Downgrading this blog

As of July 2, 2023, this blog will no longer be available as It will continue to exist as I’m making very little use of the blog lately, and while I want the old posts to stay around, it’s not worth continuing to spend money to maintain it. Nothing should disappear, but links may break. I may still make the occasional post.

Email migration

Recently I migrated my email to a new host and discovered a hazard I hadn’t known about before. I didn’t lose anything, but I came closer to it than I would have liked. Since it’s a personal digital preservation issue, it merits a rare post on this blog.

There are two widely used open protocols for email clients: POP3 and IMAP. The latter is far more widely used today, because it lets you synchronize your mailboxes across multiple devices. The downside is that your mail lives on the server and may or may not be saved on your client. If you change your mailbox to a new server, all your existing mail could disappear. As long as you haven’t terminated the old service, you should be able to get it back, but it could be a pain.

Continue reading

The curse of HTML mail

It’s been most of a year since I last posted here, but I wanted to rant about HTML mail, and this is the right blog for it. People complain about the intrusiveness of Web tracking, but email tracking is even worse. I’ve noticed this especially after subscribing to a couple of Substack newsletters. They’re sent as HTML, and whenever possible, I click the link to the equivalent Web page, which is less intrusive. Every link in a Substack newsletter is a tracking link, with the odd exception of the link to the Substack page.

The links in a Substack newsletter don’t go to the target page but to a Substack redirection URL. Their purpose is to let Substack know about everything you click on. There are no terms or privacy policy in the email telling you what Substack uses the information for.

Continue reading

The Secret Service text message situation

The disappearance of the Secret Service’s text messages from January 6, 2021 is a data preservation issue, so I’m briefly reviving this blog from its long sleep to analyze it the best I can.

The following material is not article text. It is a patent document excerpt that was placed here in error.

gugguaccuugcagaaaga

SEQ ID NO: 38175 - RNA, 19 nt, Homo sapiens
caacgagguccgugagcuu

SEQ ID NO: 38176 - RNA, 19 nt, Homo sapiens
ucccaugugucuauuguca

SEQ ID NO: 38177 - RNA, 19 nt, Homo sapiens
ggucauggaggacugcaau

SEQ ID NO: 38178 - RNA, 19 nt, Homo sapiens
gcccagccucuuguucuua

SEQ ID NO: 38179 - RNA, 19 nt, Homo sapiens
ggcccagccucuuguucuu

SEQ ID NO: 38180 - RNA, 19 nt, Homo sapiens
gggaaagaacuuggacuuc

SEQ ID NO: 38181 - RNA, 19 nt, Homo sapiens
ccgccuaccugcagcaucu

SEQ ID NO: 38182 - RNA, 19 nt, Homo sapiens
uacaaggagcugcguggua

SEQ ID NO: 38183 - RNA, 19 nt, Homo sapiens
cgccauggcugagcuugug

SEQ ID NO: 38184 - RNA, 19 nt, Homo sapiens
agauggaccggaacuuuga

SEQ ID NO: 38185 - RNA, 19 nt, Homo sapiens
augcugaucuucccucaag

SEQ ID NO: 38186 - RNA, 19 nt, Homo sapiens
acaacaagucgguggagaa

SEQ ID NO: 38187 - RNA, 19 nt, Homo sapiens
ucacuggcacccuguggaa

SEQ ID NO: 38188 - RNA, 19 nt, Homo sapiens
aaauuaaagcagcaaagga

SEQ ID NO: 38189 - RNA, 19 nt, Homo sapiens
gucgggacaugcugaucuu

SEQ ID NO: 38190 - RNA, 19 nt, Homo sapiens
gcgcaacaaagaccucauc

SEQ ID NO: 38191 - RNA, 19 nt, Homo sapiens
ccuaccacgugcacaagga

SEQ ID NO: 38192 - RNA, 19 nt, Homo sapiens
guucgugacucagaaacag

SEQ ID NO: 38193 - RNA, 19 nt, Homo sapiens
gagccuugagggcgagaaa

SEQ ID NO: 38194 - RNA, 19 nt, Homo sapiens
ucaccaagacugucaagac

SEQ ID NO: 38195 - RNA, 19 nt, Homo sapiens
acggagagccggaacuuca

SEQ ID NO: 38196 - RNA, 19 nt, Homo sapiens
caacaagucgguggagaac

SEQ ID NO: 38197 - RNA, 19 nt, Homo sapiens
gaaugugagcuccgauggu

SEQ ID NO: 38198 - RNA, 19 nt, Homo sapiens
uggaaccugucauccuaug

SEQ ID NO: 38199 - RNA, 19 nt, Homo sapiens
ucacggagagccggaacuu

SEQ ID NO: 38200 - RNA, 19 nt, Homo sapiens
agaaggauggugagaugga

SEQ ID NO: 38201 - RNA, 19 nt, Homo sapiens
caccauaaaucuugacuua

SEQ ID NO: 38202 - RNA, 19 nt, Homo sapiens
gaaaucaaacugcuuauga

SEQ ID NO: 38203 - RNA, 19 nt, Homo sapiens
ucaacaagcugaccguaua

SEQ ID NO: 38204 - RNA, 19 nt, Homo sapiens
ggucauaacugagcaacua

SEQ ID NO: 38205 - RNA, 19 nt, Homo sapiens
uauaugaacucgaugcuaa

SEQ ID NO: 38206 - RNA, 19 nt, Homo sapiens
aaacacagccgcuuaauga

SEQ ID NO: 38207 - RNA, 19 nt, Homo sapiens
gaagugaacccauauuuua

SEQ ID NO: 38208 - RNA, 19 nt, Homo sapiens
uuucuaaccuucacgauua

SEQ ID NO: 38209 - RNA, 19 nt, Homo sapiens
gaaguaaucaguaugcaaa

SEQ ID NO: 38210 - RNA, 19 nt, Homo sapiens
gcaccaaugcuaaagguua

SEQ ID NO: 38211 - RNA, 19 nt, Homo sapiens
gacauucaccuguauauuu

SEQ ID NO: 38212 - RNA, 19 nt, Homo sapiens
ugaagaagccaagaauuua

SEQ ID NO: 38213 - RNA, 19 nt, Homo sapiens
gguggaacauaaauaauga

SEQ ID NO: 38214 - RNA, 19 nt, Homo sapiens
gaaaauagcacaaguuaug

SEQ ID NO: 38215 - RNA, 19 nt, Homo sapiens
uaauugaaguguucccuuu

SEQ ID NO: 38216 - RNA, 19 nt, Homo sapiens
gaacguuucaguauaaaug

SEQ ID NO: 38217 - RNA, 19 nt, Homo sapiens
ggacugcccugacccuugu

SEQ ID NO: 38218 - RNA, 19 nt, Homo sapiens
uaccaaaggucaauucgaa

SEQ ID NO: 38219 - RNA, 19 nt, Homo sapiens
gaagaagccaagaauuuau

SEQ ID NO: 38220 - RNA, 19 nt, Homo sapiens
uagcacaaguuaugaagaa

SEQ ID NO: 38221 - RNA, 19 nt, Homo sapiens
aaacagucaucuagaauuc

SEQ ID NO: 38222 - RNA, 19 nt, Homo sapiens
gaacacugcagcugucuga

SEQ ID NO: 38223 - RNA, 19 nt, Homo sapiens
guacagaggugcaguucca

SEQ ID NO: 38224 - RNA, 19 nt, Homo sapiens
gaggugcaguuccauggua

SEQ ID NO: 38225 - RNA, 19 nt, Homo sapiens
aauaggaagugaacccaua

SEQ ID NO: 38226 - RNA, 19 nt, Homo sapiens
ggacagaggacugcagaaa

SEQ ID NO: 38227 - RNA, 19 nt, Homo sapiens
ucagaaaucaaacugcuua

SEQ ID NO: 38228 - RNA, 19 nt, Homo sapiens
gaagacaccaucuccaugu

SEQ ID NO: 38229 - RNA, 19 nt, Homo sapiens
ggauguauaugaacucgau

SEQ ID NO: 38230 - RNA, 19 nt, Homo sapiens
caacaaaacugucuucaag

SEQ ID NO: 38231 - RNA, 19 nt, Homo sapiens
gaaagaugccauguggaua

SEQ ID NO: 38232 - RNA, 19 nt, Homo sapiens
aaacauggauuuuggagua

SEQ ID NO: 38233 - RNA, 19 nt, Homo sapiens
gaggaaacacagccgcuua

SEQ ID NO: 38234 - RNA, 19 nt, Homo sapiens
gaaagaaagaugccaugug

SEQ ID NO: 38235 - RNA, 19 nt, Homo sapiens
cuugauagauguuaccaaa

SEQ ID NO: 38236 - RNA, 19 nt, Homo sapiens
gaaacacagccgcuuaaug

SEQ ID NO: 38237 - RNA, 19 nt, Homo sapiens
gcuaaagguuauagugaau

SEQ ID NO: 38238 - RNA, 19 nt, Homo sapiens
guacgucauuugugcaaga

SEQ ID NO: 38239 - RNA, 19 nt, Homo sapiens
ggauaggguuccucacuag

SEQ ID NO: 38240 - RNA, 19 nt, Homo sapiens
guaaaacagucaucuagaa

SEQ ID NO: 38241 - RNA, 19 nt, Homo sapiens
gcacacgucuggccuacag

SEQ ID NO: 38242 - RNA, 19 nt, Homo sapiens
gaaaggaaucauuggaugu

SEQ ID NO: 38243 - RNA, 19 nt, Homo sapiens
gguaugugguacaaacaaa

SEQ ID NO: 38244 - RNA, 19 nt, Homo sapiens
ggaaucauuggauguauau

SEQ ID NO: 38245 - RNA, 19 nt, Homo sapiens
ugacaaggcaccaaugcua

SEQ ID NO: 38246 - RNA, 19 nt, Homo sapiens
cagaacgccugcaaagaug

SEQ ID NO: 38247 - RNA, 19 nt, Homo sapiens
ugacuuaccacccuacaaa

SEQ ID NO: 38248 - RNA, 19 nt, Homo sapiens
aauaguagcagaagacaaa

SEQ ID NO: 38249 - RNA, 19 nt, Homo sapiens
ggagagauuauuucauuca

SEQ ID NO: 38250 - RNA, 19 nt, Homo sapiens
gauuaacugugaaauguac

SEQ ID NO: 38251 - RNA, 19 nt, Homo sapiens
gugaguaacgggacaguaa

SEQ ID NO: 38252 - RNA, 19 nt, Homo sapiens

What we know

“Text messages” sent between Secret Service phones on January 6, 2021, during the unrest in Washington, DC, became unavailable within the bureau. News reporting has gotten so bad that it’s hard to find out just what this means; this CNN article contains more detail than most of the reports I’ve found.

Continue reading

How broadcast FM can wreck your receiving system

Today I came upon some news weird enough to justify a post on this long-dormant blog. Ars Technica reports that it “began on January 30 and afflicted Mazdas from model years 2014 to 2017 when the cars were tuned to the local NPR station, KUOW 94.9. At some point during the day’s broadcast, a signal from KUOW caused the Mazdas’ infotainment systems to crash—the screens died and the radios were stuck on 94.9 FM.”

That shouldn’t be possible, right? A broadcast FM signal is just frequency-modulated audio. It might deafen you or damage the speakers, but it shouldn’t make the receiver stop working! Well, actually, it isn’t just audio. Broadcasters can optionally use the Radio Broadcast Data System (RBDS), which supports encoded digital data. It uses a 57 kHz subcarrier, well above the limits of human hearing. The data is encoded at 1187.5 bits per second, a strange-sounding number that yields 48 cycles of the subcarrier for every bit. Error correction codes bring the effective data rate down to 730 bits per second.

Continue reading

JHOVE Tips for Developers

I got a request for my ebook, JHOVE Tips for Developers. It’s no longer for sale on Smashwords, since I haven’t updated it since 2012, but if anyone wants it, you can download JHOVE Tips for Developers from this site.

Looking at some ballot scanning issues

The town of Windham, New Hampshire, became the site of a controversy when the results of a ballot recount by hand didn’t match the original results. This has some interesting implications for ballot scanning and errors in the process, so I think it’s fair game for this blog. I’ll have to get into the politics to give it context, though.

The four winning candidates for the state legislature were found to have gotten about 300 additional votes each, while the one who requested the recount got fewer, so the results weren’t affected. Still, it was appropriate to ask why the scanners’ total was so far off. The town accordingly had an audit conducted.

Continue reading

Remembering the DAT war

Waking up briefly to mention an interesting article…

In 1986, the RIAA was outraged that Sony’s Digital Audio Tape (DAT) would let ordinary consumers record high-quality sound. The format was expensive and never caught on in the mass market, but it led to other digital audio formats. In retrospect, we’re lucky to have reached a state where we can record sound without mandatory DRM. (If you don’t believe me, recall that strong encryption was once outlawed.) The article mentions that “Computer manufacturers successfully lobbied to exempt CD-ROM drives from copyright protection technology.” Our technology would be much less advanced today if we had to jump through copy-protection hoops every time we used a computer.

Price drop on Files that Last

Files that Last: Digital Preservation for Everygeek has been out for quite a few years. While the relevant technology has changed in many ways, especially with the explosive growth in cloud storage, I think most of its advice is still useful. I’ve permanently dropped its price to $1.99, no discount code required. The price drop is immediate on Smashwords. It may take longer to percolate to other sources supplied by Smashwords.